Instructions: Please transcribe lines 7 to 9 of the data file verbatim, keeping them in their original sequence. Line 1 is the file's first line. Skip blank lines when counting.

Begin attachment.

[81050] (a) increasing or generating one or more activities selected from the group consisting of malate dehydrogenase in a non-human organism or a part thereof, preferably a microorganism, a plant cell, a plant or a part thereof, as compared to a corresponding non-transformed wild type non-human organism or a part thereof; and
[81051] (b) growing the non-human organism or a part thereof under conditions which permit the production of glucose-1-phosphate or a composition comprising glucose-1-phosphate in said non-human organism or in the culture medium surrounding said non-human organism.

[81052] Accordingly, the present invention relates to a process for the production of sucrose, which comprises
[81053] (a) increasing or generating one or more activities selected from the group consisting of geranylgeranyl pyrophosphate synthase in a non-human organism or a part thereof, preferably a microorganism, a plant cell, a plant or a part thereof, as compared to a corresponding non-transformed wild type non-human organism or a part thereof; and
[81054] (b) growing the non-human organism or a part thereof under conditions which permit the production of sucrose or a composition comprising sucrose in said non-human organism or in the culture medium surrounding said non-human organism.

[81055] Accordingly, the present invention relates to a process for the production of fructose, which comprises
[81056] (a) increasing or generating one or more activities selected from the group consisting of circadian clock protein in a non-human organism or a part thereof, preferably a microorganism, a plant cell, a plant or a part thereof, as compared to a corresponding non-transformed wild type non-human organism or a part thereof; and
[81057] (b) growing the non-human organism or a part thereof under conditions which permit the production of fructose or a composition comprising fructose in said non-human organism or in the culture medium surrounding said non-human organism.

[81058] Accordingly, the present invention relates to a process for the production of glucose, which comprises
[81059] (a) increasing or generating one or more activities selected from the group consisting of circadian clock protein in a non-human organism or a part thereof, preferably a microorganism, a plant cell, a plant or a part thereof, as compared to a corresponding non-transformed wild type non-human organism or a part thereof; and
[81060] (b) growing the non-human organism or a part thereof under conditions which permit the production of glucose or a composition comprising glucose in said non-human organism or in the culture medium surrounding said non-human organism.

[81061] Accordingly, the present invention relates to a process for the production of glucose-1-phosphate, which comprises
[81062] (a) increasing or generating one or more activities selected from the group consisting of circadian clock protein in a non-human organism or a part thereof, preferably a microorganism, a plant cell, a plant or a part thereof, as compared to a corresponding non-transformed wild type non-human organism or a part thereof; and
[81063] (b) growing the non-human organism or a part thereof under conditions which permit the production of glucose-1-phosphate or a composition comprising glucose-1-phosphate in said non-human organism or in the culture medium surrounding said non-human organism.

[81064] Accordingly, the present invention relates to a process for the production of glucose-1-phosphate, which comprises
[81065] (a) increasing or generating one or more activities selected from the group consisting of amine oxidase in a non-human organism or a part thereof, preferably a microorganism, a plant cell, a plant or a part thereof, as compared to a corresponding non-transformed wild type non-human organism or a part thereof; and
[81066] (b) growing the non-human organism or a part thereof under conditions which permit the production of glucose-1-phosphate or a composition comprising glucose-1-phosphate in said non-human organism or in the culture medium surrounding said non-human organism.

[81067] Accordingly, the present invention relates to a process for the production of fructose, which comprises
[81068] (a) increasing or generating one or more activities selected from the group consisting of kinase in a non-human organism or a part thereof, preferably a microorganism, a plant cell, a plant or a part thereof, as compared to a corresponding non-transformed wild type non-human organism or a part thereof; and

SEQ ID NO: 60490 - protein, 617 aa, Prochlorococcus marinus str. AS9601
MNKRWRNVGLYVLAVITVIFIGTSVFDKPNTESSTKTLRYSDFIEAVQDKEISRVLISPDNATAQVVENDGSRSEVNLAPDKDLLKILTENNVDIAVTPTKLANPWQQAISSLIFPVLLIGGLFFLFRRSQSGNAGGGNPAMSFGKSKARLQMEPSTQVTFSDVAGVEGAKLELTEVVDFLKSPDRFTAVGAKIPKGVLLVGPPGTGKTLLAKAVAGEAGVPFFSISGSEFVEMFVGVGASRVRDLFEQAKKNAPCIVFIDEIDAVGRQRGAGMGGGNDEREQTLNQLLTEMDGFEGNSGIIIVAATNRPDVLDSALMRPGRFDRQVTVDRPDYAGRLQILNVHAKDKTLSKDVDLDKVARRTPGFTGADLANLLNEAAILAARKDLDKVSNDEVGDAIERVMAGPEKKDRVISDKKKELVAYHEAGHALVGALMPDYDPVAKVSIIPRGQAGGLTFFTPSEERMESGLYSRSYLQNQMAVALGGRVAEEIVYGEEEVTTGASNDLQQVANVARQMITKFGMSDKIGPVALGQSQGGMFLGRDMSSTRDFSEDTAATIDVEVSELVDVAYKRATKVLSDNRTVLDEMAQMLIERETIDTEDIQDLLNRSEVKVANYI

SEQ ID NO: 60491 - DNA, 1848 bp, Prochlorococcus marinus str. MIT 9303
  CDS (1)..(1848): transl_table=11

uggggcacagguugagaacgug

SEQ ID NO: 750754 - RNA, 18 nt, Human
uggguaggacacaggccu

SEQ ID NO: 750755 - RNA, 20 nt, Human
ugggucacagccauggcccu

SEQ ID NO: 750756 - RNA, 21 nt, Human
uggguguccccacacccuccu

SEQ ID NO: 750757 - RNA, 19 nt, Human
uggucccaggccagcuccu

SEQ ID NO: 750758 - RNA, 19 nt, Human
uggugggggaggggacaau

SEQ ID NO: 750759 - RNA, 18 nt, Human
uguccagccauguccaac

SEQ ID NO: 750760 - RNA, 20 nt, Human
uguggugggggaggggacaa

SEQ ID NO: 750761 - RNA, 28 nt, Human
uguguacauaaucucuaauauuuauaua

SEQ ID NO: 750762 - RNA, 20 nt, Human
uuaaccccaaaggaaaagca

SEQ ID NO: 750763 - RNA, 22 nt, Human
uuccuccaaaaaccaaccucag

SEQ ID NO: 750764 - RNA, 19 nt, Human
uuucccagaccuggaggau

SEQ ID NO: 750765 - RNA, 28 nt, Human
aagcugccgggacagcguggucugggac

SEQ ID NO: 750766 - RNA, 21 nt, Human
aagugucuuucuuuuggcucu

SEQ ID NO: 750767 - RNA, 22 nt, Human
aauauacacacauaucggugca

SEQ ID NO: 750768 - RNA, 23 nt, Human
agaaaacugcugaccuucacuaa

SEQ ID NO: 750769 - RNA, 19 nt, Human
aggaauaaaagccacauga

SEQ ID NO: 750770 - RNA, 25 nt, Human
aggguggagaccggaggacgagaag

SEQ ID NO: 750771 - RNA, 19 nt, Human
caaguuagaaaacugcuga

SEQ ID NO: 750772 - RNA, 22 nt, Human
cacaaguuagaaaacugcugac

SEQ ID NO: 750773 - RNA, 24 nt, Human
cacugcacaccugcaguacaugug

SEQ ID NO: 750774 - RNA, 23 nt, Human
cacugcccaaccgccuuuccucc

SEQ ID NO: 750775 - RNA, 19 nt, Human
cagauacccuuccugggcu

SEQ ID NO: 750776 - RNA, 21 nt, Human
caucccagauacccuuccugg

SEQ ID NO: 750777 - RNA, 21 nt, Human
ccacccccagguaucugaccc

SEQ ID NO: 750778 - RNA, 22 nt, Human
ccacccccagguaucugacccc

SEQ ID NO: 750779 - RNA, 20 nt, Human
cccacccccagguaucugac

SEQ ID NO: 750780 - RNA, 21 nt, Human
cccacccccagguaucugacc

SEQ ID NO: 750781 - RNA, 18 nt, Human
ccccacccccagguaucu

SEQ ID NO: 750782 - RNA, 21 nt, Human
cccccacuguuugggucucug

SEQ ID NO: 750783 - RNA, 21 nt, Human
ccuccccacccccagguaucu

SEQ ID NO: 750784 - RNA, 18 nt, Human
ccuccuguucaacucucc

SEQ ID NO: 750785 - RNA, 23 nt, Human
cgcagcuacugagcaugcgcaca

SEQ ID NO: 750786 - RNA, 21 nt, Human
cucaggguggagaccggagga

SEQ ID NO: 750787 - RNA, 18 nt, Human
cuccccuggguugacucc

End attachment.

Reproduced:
[81056] (a) increasing or generating one or more activities selected from the group consisting of circadian clock protein in a non-human organism or a part thereof, preferably a microorganism, a plant cell, a plant or a part thereof, as compared to a corresponding non-transformed wild type non-human organism or a part thereof; and
[81057] (b) growing the non-human organism or a part thereof under conditions which permit the production of fructose or a composition comprising fructose in said non-human organism or in the culture medium surrounding said non-human organism.

[81058] Accordingly, the present invention relates to a process for the production of glucose, which comprises